It is better to give than to receive. We hear this saying all the time. Especially during the holidays, when giving to others is more prominent. Giving to those less fortunate, giving food to the hungry, clothing to the needy and assistance in times of crisis. It seems as if giving is the “thing to do” from November to January. But why does it need to end there? Why can’t giving be a part of our everyday lives, on a daily basis? Why not incorporate it in the way we live our lives and the way in which we raise our children?
The original quote from the bible states:
“In everything I did, I showed you that by this kind of hard work we must help the weak, remembering the words the Lord Jesus himself said: 'It is more blessed to give than to receive.' "Acts 20:35
Albert Einstein agreed: “The value of a man resides in what he gives and not in what he is capable of receiving”, and Winston Churchill proclaimed “We make a living by what we get, but we make a life by what we give”.
One of my first “giving” memories is standing with my parents, in the back kitchen of our church after Sunday mass, and making mountains of pasta and sauce to be delivered to a local shelter. I remember standing in the shelter later that day, serving lunch to the many families who patiently waited in line, and asking my grandmother why this woman wore so many clothes. She had on layers and layers of sweaters. My grandmother’s response? Not everyone has a closet to keep their clothes in. I remember handing out grandma’s hand-knit scarves to homeless men in Hartford, and singing Christmas carols with my Brownie Troop to our local convalescent home. Giving back isn’t something my parents and grandparents just taught me and my sisters. They lived it. Every day.
Recently a good friend asked me for suggestions on how to get her children more involved with deciding what charities they donated to. The children are 7 and 9, and have seen their parents participate in a variety of charity events and drives. She would like them to have a more active role in deciding what charities they give to, and how they give. I thought about it for awhile, and came up with an answer. It might not be the right answer for everyone, but what seems to work for me is to involve them. Truly involve the children in every aspect if possible. Take them with you when you drop off food, or bring clothes to a shelter. Ask them how they might like to give back and what they are interested in. They may want to host a lemonade stand and give the profits to a specific charity, or volunteer at dog rescue place. Or make homemade brownies for the neighbors you have yet to meet. Giving kindness is also a way to give back too, I tell my girls. Whatever it is that they want to do to help others, is wonderful. I think when children feel ownership over giving, it becomes a part of them.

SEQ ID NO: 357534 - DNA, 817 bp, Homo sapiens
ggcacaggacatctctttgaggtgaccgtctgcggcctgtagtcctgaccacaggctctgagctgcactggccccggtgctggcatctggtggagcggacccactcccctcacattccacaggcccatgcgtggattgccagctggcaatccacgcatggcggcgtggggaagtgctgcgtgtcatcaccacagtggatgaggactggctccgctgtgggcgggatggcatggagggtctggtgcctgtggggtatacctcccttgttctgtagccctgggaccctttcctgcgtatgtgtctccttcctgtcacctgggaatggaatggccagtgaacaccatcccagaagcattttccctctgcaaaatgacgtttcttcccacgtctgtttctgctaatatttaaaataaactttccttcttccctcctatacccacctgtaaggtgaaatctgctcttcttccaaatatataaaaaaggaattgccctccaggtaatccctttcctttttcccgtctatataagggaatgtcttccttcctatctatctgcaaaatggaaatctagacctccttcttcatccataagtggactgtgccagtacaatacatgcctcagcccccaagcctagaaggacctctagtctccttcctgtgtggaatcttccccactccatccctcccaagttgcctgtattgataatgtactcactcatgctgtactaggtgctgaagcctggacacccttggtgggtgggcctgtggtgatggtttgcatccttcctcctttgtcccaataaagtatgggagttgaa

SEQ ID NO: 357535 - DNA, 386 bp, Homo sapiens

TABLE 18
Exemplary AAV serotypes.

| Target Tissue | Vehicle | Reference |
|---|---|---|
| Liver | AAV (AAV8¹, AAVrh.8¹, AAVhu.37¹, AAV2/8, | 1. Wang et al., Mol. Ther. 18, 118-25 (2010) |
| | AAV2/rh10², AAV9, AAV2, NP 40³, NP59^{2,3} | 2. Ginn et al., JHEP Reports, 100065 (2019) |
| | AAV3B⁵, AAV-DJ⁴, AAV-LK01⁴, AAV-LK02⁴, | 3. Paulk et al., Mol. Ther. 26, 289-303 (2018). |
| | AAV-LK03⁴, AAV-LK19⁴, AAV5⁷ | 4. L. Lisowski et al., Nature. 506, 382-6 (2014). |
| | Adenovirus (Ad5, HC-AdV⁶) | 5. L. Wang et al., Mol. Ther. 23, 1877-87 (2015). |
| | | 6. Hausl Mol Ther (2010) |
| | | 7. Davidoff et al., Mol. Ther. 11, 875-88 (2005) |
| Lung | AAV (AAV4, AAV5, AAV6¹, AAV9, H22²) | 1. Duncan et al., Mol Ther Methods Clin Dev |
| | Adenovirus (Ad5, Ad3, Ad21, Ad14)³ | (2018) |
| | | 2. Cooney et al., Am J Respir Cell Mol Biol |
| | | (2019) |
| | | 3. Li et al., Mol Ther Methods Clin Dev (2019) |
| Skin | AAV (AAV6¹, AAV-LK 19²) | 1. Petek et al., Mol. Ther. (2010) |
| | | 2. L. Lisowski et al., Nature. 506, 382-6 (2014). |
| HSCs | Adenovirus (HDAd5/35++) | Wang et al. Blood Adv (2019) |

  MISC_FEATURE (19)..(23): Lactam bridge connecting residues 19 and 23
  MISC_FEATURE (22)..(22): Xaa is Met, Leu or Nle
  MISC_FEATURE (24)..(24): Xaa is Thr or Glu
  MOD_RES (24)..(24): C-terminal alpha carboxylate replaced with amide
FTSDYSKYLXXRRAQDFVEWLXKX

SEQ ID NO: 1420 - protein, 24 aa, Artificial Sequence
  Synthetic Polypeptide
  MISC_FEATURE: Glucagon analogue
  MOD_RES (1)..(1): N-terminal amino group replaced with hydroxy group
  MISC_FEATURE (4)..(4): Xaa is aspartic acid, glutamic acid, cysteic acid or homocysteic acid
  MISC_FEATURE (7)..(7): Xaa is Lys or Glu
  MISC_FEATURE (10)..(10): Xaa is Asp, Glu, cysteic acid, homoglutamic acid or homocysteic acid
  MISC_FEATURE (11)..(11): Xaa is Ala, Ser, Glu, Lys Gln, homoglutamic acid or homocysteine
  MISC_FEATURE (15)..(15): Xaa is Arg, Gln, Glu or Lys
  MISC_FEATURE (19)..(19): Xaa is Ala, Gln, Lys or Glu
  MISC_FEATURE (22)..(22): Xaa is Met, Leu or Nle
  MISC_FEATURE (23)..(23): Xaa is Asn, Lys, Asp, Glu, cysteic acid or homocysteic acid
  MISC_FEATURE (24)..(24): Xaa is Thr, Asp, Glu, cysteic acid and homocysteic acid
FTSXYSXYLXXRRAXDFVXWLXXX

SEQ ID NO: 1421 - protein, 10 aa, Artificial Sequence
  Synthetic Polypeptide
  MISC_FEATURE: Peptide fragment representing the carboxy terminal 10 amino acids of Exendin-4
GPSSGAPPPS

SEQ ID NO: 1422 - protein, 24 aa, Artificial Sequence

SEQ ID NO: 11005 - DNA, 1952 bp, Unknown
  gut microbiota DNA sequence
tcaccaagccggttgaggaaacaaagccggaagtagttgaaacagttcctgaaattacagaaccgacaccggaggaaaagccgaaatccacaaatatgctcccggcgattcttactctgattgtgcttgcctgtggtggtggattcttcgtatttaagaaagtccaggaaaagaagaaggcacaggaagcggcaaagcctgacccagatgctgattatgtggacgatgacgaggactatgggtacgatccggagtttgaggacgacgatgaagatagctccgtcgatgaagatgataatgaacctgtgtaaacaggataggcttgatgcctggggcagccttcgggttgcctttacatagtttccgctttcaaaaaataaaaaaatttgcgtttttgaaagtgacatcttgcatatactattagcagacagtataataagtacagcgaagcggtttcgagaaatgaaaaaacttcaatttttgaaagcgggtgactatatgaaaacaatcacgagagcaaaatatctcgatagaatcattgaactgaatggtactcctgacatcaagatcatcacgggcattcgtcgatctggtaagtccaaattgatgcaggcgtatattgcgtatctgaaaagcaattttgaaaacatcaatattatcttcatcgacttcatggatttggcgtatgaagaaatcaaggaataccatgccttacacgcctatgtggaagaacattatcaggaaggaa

Last month, my 9-year old daughter, wrote my blog. She wrote about Thanksgiving and listed some suggestions children would do to help others. I am so proud of her, and decided to put her ideas into action. Beginning on December 1st, our family is going to launch our “25 Days of Giving” challenge. From now through Christmas Day we are going to do at least one thing to help someone else. The girls are going to come up with ways to give back- with our guidance, so that we are not buying Barbie dolls for my 6 yr old’s teddy bear. The girls are very excited to begin, and my hope is that this will remind us of all we have to be thankful for, and inspire us to give daily. I truly hope my girls grow up with a sense of giving, and it becomes a part of them forever. That one day they will look back on our "25 Days of Giving” challenge and smile.